Lost

lost

When I was a little girl I went to the zoo with my family and another family. It was a lovely day except for one little hiccup that has stayed with me for my life…I got lost. Well, technically, I didn’t get lost, my family lost me. You see, we had sat down for lunch after spending the morning wandering through the zoo and looking at all the animals. It was a delight for a child like me who saw wonder in everything. It was a nice day, sunny but not too hot. We had a picnic in a little park inside the zoo just near the elephant enclosure. I had finished my lunch and while I was waiting for everyone else to finish, I decided to go and take one more look at the elephants. The enclosure was not very far away, in fact you could see it from where we were sitting in the park. I can’t remember if I told anyone I was going or not (in my mind I think I did, but I cannot be sure), but off I went, secure in the knowledge that they wouldn’t leave without me. I was wrong. We I returned to the park, my family had gone. I didn’t know what to do. I didn’t panic, I don’t think I even cried, I just remember walking to the bench where they had been sitting only moments before and sitting down to wait. I think a couple of old ladies came over to ask me if I was ok, but by then my mum had realised I wasn’t with the group and had come back for me. I wasn’t lost for very long and I don’t think I have been scarred by the experience, but I do remember feeling very, very alone. A feeling that has been plaguing me for the last couple of months.
There has been a lot of upheaval in my life and the life of my family recently. My eldest son got married and moved out and then only four months later, my youngest son moved to the UK. I found myself alone in my house. Yes, I have my husband and I have my dog and my cat, but my children are gone and it has left a hole in my life. The same feeling I felt when I returned to the park to find my family gone.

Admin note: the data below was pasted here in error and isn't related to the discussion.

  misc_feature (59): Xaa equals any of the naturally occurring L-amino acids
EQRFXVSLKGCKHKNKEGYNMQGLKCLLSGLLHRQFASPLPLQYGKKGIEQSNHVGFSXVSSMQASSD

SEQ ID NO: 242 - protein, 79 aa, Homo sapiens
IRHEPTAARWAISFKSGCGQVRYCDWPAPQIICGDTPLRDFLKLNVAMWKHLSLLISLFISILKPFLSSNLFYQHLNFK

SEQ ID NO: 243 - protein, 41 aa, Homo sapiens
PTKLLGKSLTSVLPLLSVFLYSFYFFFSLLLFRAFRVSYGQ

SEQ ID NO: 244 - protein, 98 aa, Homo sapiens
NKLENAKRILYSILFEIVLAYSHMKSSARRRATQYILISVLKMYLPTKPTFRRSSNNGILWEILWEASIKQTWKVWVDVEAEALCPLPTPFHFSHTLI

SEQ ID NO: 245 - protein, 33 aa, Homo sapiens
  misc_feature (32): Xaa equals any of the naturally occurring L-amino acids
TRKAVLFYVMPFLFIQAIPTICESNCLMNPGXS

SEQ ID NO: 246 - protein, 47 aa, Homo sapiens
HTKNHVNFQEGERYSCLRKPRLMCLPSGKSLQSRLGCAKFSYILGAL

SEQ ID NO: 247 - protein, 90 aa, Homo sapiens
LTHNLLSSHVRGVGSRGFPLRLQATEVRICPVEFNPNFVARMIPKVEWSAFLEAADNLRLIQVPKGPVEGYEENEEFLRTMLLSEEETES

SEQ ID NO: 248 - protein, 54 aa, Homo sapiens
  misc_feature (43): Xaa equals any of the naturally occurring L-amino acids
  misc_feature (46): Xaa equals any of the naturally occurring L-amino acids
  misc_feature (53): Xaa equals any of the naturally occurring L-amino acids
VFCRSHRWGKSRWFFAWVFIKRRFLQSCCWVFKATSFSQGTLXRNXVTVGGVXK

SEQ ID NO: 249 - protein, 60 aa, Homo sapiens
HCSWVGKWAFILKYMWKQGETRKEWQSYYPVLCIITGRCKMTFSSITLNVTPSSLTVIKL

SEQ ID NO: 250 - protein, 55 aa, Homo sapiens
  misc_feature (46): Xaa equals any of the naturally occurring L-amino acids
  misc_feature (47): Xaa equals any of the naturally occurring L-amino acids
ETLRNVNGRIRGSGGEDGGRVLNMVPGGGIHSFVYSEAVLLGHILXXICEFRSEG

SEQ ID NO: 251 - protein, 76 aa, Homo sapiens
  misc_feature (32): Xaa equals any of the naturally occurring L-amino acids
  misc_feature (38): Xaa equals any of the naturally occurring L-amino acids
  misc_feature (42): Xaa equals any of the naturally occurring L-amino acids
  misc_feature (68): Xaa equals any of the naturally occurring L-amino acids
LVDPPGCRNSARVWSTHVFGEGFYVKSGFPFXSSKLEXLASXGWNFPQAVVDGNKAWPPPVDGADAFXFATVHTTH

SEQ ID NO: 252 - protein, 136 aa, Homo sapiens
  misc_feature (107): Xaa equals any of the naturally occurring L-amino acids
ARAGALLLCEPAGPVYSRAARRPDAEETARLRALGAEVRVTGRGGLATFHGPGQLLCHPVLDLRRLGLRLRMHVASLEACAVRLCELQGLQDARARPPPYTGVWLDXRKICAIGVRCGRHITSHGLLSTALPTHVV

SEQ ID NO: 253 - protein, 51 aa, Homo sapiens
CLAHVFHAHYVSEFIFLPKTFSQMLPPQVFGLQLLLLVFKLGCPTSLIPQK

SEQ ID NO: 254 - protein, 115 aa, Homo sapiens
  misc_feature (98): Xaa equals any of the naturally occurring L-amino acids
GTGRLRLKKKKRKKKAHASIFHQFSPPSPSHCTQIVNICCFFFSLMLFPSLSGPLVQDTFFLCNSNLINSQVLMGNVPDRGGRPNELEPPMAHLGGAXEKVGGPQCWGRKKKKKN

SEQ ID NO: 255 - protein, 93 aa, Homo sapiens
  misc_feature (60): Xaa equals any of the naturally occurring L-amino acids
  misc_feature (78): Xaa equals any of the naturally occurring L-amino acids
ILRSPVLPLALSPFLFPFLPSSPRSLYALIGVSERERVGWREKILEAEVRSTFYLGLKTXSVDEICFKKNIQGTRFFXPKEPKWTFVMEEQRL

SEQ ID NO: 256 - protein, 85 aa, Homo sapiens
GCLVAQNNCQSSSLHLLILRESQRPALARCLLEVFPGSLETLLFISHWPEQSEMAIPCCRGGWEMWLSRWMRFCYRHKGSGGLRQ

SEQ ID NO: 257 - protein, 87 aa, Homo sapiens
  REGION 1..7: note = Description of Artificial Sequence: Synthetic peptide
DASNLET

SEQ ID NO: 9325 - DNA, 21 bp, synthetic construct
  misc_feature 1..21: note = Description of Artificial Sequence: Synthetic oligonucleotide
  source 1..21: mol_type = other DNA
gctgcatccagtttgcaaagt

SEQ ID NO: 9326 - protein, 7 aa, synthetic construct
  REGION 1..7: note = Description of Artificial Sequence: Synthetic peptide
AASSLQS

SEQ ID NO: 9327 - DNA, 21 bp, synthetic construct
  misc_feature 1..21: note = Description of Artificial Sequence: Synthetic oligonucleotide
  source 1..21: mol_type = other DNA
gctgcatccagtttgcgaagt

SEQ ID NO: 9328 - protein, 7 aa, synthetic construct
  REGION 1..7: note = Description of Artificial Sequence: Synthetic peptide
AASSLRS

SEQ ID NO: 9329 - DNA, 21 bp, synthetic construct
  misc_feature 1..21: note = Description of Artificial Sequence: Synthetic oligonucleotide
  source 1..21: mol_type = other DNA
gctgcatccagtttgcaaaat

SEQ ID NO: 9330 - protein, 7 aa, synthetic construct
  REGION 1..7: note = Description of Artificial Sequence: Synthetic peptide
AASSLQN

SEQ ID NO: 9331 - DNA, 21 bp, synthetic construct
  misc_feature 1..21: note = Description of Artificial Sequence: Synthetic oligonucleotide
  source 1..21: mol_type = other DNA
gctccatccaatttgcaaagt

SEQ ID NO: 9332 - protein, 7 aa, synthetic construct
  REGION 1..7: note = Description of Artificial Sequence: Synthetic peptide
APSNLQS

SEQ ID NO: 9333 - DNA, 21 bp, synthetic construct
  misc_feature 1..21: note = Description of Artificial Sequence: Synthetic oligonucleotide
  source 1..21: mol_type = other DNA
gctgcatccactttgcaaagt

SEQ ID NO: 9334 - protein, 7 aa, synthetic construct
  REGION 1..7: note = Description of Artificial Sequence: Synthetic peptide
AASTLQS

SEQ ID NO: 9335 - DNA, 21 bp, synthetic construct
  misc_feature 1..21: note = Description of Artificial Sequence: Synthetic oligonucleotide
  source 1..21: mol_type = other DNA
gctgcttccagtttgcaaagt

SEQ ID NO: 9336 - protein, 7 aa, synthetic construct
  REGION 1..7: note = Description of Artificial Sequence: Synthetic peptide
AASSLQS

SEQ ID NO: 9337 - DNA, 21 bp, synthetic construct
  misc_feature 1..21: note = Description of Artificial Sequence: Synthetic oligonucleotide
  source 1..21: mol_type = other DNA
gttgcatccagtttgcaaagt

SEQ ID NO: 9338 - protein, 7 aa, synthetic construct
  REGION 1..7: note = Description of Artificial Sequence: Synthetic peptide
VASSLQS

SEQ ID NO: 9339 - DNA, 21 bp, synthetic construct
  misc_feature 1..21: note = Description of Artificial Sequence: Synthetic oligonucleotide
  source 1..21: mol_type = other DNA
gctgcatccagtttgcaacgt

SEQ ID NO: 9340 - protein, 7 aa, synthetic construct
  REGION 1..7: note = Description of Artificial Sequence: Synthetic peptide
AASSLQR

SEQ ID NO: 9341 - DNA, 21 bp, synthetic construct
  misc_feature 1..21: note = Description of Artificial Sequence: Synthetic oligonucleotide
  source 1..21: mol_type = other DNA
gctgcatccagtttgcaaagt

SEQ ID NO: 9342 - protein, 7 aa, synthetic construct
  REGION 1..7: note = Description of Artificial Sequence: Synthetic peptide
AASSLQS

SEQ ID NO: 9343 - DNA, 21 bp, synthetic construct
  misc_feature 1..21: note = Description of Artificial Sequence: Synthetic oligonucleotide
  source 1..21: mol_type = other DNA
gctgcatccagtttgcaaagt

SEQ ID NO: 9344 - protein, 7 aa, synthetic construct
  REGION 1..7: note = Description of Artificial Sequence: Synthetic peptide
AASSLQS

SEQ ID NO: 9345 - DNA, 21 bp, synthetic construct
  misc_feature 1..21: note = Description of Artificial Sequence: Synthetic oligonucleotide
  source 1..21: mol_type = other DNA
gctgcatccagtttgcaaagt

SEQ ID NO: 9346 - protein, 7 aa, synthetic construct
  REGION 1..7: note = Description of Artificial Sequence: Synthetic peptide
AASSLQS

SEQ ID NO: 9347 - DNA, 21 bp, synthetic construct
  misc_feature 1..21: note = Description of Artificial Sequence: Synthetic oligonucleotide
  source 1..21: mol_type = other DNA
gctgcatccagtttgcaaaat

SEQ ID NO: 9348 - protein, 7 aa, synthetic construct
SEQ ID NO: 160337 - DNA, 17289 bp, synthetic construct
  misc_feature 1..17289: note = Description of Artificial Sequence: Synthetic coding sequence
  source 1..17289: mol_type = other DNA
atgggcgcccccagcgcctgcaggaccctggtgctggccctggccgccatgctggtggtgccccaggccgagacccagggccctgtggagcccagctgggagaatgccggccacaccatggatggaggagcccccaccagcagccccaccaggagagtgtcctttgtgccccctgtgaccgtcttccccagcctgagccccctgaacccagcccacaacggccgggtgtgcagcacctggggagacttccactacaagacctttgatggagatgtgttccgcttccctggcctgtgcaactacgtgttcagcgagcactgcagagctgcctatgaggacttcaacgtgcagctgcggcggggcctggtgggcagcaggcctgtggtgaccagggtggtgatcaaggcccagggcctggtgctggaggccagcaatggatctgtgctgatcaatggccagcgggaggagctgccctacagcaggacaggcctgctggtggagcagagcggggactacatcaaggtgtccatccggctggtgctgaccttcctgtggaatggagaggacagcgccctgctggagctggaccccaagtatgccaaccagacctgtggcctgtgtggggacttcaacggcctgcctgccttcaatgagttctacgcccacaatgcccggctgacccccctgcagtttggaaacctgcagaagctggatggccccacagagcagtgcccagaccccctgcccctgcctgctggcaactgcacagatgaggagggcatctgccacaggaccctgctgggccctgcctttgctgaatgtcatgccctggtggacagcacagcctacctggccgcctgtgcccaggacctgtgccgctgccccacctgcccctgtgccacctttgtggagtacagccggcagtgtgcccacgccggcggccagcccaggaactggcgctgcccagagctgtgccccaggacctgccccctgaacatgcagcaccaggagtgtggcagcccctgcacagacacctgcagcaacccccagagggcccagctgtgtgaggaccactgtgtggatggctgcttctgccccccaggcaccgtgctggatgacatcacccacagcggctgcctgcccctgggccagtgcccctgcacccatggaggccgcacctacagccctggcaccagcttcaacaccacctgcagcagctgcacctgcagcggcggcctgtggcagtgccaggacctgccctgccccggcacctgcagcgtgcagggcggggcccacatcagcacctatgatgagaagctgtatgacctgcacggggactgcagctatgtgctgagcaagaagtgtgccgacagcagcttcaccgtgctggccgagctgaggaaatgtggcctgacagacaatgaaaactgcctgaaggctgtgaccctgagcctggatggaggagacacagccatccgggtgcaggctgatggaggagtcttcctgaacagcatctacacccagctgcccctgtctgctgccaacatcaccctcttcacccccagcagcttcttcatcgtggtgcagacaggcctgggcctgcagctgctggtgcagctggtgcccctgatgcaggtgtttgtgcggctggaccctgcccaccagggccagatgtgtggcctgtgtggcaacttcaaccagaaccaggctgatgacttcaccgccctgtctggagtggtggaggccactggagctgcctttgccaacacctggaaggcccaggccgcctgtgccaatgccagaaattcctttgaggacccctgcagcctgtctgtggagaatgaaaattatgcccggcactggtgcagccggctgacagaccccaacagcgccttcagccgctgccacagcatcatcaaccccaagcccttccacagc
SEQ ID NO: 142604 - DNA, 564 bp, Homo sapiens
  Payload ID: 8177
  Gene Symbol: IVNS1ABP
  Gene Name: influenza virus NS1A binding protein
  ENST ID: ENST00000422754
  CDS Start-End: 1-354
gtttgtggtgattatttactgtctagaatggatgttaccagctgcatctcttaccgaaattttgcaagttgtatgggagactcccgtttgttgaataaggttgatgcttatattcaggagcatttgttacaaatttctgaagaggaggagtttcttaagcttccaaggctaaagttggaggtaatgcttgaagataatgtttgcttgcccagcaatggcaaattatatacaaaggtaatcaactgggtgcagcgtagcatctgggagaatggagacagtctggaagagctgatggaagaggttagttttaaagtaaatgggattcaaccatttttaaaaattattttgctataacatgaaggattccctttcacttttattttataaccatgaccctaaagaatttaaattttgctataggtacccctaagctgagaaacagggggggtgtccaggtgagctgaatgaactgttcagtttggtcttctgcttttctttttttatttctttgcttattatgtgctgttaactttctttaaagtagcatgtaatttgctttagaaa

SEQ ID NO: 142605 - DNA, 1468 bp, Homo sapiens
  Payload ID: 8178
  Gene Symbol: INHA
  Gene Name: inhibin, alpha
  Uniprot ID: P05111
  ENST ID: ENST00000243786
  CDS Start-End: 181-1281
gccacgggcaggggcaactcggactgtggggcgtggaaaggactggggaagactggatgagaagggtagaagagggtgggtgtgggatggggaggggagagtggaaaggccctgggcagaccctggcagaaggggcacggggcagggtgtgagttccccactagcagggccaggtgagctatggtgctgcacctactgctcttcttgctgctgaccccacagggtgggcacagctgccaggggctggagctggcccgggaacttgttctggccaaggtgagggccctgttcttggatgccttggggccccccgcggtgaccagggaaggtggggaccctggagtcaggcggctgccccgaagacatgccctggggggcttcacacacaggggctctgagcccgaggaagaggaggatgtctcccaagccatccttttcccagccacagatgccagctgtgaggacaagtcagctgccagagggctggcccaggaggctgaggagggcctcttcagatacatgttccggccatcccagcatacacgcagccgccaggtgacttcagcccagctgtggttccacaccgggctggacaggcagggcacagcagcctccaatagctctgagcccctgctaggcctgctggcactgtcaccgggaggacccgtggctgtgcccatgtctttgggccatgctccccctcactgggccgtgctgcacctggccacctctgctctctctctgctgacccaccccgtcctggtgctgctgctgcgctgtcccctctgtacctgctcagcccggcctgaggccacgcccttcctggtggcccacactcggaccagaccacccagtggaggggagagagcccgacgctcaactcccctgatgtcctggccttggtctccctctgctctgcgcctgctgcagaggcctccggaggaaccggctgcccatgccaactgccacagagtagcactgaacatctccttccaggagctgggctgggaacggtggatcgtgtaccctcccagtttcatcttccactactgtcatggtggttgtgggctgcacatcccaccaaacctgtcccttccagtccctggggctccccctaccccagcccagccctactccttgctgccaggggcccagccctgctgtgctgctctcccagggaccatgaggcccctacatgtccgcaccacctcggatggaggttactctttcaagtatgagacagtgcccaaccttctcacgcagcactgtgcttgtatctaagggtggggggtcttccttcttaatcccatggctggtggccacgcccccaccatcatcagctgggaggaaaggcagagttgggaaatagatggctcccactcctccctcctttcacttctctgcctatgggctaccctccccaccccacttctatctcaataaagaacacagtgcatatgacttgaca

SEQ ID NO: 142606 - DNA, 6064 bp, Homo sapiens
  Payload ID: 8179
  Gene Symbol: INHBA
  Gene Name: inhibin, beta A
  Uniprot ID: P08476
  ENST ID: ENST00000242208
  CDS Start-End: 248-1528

For the past five years, my husband and I have owned businesses (plural) and we have had to work very hard and very long hours. When I am not at work working, I am working at home. Consequently I have had no social life. Having to get up at 4am puts a bit of a damper of any evening activities and I work every weekend. Getting together with friends has been very few and far between. The inevitable has happened, I have become a hermit with barely any outside world contact. As I look around at my life, I discover that the world has passed me by. I am once again a lonely little girl sitting on a park bench all alone.
Is this what my life has become? I have only just turn forty-one years of age and my children have grown and gone. My dedication to work has meant that I have no social life and I am left wondering “who am I?” I don’t even know myself anymore, I don’t know where I fit, where I belong or what my role is. I have had a quote going through my brain constantly

What does it profit a man if he gains the whole world but loses his soul

While I have not gained the whole world, I have pursued it, and while I don’t believe I have lost my soul, I do believe I have lost something; I have lost myself.